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Natural Awakenings Chicago

Helping Our Local Critters Thrive Through the Winter

Jan 27, 2017 03:49PM ● By Rick DiMaio

Parks, forest preserves and green spaces are bountiful in our third-largest metropolitan area in the country, including Baker Park, in Evanston, Fort Sheridan Forest Preserve, in Highwood, and Glacial Park Nature Preserve, in McHenry County. Some prefer the rural qualities of Rock Cut State Park, in Winnebago County, or the urban, walled-in feel of Grant Park, in downtown Chicago. Our local city parks and bike trails can also be great places to reunite with nature. These are places to go for some peace and quiet most of the time, where we are typically greeted by a curious squirrel looking for a handout, a rabbit or three around sunset just looking at us or a curious coyote staring from the distance.

            These moments are relaxing and peaceful in the summer and fall, but during the middle of winter, they can be fleeting and rare when we have six inches of snow underfoot, the wind chill is hovering below zero and we don’t want to be outside. During a frigid winter morning or a day after a very heavy snowstorm, take a moment to notice the absence of animal or bird activity; our furry friends don’t want to be out, either, yet need to forage to stay alive. Sure, one day of cold might not make a difference to humans, but after three of four days of below-zero temperatures or a heavy snowfall, small animals and birds must survive harsh winter conditions without their normal supply of food or water. As climate variability brings more change to seasonal weather patterns, there are things we can do to help out.

            December 2015 was the fourth warmest in Chicago’s history, with less than four inches of snowfall and average temperatures nearly 12 degrees above normal; yet December 2016 averaged nearly 15 degrees colder, with almost 20 inches of snowfall in some places. Kevin McKelvey, of the U.S. Forest Service, reports that climate change is expected to impact most parts of an ecosystem, and mammals are no exception no matter where they live; some have very specific climatic adaptations, such as requirements for snow, sea ice or temperatures within a narrow range for hibernation, and climate variability challenges them. Some have distributions that are dependent on climate and use a variety of often disjointed resources to hide, eat, drink and breed, and in many cases, these places are distinct and may change seasonally.

            Although local uncertainties exist, scientists are learning there are many opportunities for climate change to disrupt mammalian life histories because in general, they will not be able to effectively hide in microhabitats. Most mammals are also highly mobile, and have relatively short life spans, generally less than 20 years, so if climates become unsuitable, mammalian response and population levels can be expected to be rapid.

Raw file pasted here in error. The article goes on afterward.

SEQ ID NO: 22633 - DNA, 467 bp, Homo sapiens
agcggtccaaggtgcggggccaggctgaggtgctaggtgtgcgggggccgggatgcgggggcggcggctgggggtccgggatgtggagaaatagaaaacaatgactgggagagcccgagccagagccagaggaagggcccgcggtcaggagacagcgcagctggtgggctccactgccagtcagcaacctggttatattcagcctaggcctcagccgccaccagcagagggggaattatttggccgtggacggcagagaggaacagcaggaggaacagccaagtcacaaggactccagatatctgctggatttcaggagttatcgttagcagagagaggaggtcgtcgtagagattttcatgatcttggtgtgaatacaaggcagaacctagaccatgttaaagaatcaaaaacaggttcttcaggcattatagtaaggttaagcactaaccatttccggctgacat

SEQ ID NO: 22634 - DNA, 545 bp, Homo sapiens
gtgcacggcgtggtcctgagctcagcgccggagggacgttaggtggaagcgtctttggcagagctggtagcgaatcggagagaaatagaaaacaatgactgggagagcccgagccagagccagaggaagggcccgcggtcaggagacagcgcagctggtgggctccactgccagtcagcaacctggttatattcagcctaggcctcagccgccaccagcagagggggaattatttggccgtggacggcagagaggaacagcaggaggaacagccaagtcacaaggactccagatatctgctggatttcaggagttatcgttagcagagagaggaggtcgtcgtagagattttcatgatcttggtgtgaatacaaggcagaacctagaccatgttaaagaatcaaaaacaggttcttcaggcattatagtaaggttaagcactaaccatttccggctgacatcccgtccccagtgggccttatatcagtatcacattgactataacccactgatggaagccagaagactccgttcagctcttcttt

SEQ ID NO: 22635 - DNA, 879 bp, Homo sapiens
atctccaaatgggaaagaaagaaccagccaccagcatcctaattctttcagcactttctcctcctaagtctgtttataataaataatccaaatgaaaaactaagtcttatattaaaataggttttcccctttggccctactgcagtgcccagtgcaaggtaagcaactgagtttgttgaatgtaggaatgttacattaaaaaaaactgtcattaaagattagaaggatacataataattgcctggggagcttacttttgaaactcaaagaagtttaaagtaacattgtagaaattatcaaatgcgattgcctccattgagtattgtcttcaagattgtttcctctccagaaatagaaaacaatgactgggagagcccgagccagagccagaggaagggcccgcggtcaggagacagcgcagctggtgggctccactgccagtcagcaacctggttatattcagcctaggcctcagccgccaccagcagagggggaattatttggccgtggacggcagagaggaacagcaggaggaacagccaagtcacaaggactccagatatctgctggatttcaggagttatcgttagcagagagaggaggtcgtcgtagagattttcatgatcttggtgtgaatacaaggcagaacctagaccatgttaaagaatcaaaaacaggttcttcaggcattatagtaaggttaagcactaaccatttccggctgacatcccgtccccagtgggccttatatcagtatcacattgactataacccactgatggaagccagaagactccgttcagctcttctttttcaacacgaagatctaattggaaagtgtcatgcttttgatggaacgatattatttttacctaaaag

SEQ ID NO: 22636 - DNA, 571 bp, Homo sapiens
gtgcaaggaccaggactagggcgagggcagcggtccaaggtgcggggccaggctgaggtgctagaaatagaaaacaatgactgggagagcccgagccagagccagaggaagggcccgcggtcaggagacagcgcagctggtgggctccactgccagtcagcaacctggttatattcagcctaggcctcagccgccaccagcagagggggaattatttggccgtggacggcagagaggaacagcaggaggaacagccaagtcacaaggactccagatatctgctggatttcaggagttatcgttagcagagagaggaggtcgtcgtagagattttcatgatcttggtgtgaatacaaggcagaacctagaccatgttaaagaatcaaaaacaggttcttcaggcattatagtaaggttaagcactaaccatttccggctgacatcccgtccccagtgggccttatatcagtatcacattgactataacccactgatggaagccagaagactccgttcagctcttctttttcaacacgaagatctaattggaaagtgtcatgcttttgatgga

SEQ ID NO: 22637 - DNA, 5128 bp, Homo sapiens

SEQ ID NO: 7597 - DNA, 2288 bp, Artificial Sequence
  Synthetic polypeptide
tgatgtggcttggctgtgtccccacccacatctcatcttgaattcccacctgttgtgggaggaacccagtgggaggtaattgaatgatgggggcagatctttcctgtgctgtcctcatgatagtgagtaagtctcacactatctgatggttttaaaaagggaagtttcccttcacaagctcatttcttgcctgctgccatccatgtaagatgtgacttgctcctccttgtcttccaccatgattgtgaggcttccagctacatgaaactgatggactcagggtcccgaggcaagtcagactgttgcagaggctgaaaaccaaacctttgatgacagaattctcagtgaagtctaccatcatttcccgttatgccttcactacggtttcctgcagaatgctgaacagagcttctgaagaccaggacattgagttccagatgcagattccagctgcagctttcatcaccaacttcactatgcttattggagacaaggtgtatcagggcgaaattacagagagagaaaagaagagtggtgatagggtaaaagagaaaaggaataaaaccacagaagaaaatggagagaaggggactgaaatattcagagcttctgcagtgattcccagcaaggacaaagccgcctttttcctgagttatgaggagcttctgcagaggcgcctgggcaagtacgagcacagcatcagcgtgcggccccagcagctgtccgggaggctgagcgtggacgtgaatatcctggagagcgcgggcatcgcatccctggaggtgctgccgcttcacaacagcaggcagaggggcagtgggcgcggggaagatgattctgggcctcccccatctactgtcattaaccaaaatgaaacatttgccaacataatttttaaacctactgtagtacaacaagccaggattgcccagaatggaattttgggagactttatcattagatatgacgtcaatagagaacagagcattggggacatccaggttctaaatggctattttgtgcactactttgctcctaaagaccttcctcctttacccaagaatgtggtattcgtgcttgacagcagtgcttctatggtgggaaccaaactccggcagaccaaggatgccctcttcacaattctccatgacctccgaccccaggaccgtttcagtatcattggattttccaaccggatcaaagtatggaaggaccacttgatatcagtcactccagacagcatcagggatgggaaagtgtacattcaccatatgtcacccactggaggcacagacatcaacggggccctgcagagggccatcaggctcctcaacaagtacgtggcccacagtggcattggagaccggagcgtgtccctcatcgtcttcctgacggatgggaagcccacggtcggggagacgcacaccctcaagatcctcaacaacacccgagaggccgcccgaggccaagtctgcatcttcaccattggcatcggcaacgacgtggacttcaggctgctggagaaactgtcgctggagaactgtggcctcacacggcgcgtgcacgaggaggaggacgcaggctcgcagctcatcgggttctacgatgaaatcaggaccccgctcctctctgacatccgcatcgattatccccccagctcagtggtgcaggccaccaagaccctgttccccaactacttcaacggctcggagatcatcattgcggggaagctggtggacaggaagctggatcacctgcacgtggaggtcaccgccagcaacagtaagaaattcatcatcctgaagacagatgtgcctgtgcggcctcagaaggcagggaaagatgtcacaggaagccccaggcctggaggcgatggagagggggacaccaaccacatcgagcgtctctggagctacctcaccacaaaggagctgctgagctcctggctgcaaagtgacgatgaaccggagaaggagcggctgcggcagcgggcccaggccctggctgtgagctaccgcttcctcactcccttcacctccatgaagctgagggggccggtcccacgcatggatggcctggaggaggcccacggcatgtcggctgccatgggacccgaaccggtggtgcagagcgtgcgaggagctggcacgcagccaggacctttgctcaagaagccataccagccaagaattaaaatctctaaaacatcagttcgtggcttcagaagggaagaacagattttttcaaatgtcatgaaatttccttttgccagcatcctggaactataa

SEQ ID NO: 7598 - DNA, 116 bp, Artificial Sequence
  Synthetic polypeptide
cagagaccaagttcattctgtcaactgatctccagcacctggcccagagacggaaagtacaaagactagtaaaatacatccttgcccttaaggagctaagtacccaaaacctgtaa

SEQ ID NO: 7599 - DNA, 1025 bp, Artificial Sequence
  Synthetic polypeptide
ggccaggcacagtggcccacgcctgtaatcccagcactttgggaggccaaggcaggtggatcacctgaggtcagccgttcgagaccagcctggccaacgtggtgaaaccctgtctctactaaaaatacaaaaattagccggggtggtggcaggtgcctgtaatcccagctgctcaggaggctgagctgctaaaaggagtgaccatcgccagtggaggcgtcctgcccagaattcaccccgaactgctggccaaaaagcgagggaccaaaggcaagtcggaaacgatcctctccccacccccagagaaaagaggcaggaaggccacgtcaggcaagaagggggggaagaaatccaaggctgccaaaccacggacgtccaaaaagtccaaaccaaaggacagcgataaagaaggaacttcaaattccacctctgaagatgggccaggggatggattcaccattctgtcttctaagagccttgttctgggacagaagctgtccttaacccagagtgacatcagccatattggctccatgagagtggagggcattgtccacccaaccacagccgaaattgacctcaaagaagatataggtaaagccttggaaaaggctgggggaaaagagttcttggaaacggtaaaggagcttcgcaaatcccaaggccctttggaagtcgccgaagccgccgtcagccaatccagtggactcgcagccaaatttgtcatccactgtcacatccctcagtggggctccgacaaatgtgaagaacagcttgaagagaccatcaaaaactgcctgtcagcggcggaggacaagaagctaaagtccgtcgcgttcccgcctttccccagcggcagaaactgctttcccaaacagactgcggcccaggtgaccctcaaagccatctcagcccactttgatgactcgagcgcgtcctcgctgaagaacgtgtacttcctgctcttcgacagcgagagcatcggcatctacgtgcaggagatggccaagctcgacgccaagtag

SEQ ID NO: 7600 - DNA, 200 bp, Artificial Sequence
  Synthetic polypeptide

During the coldest and snowiest periods, when we notice a significant decline in bird and small mammal activity, local nuts are the best present we can give the squirrels. People like to feed them peanuts, which is a legume, not a nut, and often don’t stop to think about how this food isn’t something a squirrel would normally eat. Take a look around at the local nut trees in the area. Hickory nuts, beechnuts, walnuts and butternuts are all great options. Gather some of these nuts up next fall (or purchase at this time of year) and put them in a pile near a tree where the squirrels hang out. Sunflower seeds are a good treat, too, and easy to obtain wherever birdseed is sold. Most people have seen the way squirrels raid the bird feeders, and it’s generally because they want to eat the sunflower seeds.

          When it comes to our friends of flight, most wildlife experts suggest a source of unfrozen, fresh water for birds in winter. Offering it in our backyard may double the amount of birds we can enjoy during the colder months. Invest in a birdbath heater or just place a small bowl of warm water out every day for backyard birds. Don’t remove birdhouses in the winter; they need plenty of roosting places during the winter to stay warm, so leave them up. And if the squirrels move in, well, they need a place to hide until spring as well.

            Reuse the Christmas tree and natural wreaths, or branches that were cut in the fall and not yet composted. Instead of discarding or recycling, remove all decorations and throw it on the ground or pile up where it can offer shelter to birds. Many birds, especially juncos, towhees and sparrows, will appreciate keeping snug on cold winter nights.

            As noted by Fish and Game magazine, the abundant food supply wild rabbits enjoy in warmer months is decimated by winter. Rabbits do not hibernate, but in extreme cold, they often seek shelter by burrowing into snowdrifts. With warm weather foods like clover, tender young plants, berries and vegetables gone or difficult to find, wild rabbits resort to eating woody plant parts like twigs, bark and buds of trees and bushes, including our backyard garden plants.

            So when doing winter yard work on the next sunny day, keep our urban critters in mind and build a small rabbit fort, throw some nuts near the base of a tree or fill up the birdbath with some warm water. Or better yet, teach the kids to do it, because it’s too cold outside for us adults.

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Rick DiMaio is a professional meteorologist and climate scientist, specializing in aviation meteorology and environmental sustainability. Since 1985, DiMaio has served the Chicago area as a TV and radio broadcast meteorologist, college instructor and flight operations aviation meteorologist. He is currently heard on The Mike Nowak Show.